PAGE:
• In dealing with denial of services and other problems, you can obtain information and referral, and possibly legal representation from Disability Rights Florida or your local legal aid program.  
  • Make certain the plans contain measurable goals. Without measurability, it is difficult to determine if the student is making adequate progress toward his or her goal.
  • Ask for an evaluation to show the need for services. For example, instead of requesting speech therapy for a child, request a speech evaluation. Then, if you disagree with the evaluation, you have the right to an independent evaluation at public expense.
  • Ask for evaluation reports prepared by professionals who can accurately measure the student’s needs and abilities. Future evaluations will measure his or her progress. Services should be provided based on the evaluation findings. Evaluations are mandatory for students covered  by IDEA, and are both desirable and available for 504 students.
  • Ask for a copy of all evaluations before any meeting at which it will be discussed. Study the evaluation and be ready to proceed with it or ask for another if it doesn’t seem adequate and correct.
  • Take other stakeholders to the planning meetings. While advocating you’ll be more effective if you’re not alone. Take experts who will back up your judgment, friends or counselors who can speak knowledgeably about the situation, professionals who know the system and other advisers who can help the team stay on track. Your companions may not need to speak at all, yet may nonetheless give weight to your analysis of the situation.
  • Don’t back down to please the professionals working with you. Back down only when you decide you’ve been wrong about the youth’s needs and strengths.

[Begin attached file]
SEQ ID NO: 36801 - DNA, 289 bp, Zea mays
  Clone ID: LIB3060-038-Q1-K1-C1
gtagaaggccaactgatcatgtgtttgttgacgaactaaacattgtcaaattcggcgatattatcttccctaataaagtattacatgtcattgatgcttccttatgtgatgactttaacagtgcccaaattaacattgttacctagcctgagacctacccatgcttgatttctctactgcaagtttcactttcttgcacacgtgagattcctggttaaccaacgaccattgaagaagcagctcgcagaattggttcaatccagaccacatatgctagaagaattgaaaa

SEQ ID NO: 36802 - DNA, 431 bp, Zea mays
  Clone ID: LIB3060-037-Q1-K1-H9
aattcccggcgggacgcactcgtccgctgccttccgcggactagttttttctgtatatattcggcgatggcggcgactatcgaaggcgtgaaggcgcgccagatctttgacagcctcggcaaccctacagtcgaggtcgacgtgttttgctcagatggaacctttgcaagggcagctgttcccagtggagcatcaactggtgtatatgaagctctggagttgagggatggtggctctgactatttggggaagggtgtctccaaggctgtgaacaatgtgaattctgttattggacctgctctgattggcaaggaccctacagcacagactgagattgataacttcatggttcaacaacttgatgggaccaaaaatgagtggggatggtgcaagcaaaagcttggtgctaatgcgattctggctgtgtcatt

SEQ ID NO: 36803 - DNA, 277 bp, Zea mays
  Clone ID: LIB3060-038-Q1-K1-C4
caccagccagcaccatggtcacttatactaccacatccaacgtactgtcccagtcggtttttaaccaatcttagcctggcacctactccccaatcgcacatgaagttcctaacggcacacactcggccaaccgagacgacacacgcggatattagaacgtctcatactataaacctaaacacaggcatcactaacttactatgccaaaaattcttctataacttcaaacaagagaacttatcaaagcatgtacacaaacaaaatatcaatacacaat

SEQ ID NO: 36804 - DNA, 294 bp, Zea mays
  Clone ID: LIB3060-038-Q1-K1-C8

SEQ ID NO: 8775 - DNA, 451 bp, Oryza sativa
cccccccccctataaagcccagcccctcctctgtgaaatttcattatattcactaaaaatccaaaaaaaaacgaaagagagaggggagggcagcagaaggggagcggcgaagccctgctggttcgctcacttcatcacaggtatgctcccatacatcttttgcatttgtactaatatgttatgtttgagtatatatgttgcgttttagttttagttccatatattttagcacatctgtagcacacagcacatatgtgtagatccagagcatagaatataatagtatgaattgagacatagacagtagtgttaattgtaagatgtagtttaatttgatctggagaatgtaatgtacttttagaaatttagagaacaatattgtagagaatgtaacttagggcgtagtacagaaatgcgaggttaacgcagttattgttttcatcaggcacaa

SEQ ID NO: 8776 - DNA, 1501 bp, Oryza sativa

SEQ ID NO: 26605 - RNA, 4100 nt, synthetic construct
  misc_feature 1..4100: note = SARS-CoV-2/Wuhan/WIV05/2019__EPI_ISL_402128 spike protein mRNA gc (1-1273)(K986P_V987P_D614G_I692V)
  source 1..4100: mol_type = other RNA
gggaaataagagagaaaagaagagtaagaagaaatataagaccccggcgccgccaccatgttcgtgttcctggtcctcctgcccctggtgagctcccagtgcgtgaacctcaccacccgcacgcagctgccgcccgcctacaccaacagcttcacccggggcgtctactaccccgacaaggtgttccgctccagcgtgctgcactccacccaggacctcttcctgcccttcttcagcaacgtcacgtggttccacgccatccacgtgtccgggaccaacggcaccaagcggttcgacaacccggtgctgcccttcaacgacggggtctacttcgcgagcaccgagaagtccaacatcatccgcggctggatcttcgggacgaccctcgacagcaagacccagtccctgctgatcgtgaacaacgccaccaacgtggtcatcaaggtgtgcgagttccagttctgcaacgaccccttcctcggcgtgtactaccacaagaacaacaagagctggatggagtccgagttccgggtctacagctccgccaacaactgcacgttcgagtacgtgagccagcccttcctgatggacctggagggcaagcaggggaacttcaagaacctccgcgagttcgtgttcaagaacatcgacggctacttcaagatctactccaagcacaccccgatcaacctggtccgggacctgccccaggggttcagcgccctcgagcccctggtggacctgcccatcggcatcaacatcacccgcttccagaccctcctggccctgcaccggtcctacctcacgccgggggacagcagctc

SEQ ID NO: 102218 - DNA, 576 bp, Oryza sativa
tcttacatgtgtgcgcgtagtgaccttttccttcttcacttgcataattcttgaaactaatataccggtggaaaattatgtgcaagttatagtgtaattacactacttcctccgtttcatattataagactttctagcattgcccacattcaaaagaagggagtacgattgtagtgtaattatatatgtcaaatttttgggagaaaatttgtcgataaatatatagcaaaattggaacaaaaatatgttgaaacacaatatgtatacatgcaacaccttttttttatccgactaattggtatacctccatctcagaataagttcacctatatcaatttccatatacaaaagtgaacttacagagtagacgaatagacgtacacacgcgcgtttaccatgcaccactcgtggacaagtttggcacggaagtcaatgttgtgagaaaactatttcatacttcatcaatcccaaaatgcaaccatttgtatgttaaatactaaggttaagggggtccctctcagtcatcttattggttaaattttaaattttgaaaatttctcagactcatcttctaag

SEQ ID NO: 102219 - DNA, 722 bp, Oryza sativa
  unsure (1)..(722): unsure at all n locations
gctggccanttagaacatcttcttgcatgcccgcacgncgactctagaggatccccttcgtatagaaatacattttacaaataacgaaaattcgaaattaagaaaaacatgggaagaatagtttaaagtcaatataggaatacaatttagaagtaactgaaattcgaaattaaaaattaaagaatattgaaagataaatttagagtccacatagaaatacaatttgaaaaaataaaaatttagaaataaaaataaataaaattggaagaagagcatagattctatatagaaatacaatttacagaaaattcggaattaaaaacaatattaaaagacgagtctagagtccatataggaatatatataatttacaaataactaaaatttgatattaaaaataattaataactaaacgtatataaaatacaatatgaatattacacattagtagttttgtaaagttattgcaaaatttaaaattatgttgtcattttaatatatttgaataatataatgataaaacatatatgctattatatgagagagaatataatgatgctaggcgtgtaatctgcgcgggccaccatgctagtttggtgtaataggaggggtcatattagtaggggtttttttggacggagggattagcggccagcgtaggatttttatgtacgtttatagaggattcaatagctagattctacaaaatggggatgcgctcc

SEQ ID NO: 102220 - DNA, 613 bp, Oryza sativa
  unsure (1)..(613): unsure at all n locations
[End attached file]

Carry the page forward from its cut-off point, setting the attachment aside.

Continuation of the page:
• Generally, you’ll accomplish more if you show respect for the professionals, even if they become impatient with you — but respect does not mean you have to agree with them. You may go online and read the Web sites of advocates and lawyers who have worked successfully with people with disabilities. Many of their tips are excellent and of no cost to you.
  • Remember that most decisions are not final. Stick with what works. Keep your written records in order. Should you encounter resistance, call another meeting, ask for another assessment, be persistent, quote the laws again, pull out the regulations. If you have tried to resolve the conflict yourself and have been unsuccessful contact Disability Rights Florida for advocacy and legal help.

Tips For Helping Youth Prepare For Transition

  • Talk to young people about their hopes and dreams for adulthood.
  • Assist the young person to develop goals for the future.
  • Encourage the youth to participate in community activities.
  • Have high expectations of the young person’s abilities.
  • Help the youth meet adults with disabilities who can serve as mentors and role models.
  • Work with the young person to learn about his or her disability, the transition process and self-advocacy.
  • Observe the youth’s skills at socializing, organizing, workplace behaviors and independent living.
  • Assign the young person chores.
  • Give the young person the opportunity to budget and spend money.
  • Role-play situations that the youth might encounter.
  • Help the youth learn to use public transportation.
  • Discuss the youth’s medical and transition needs with his or her physician.
  • Call the young person’s teachers to request that transition and financial planning begin as soon as possible.
  • Help the youth plan for future living arrangements by budgeting with real numbers.  (example: build a budget using newspapers to research what jobs pay and the cost of apartments).
  • Take field trips to find prices for the items needed for a home.
  • Be proactive and plan early.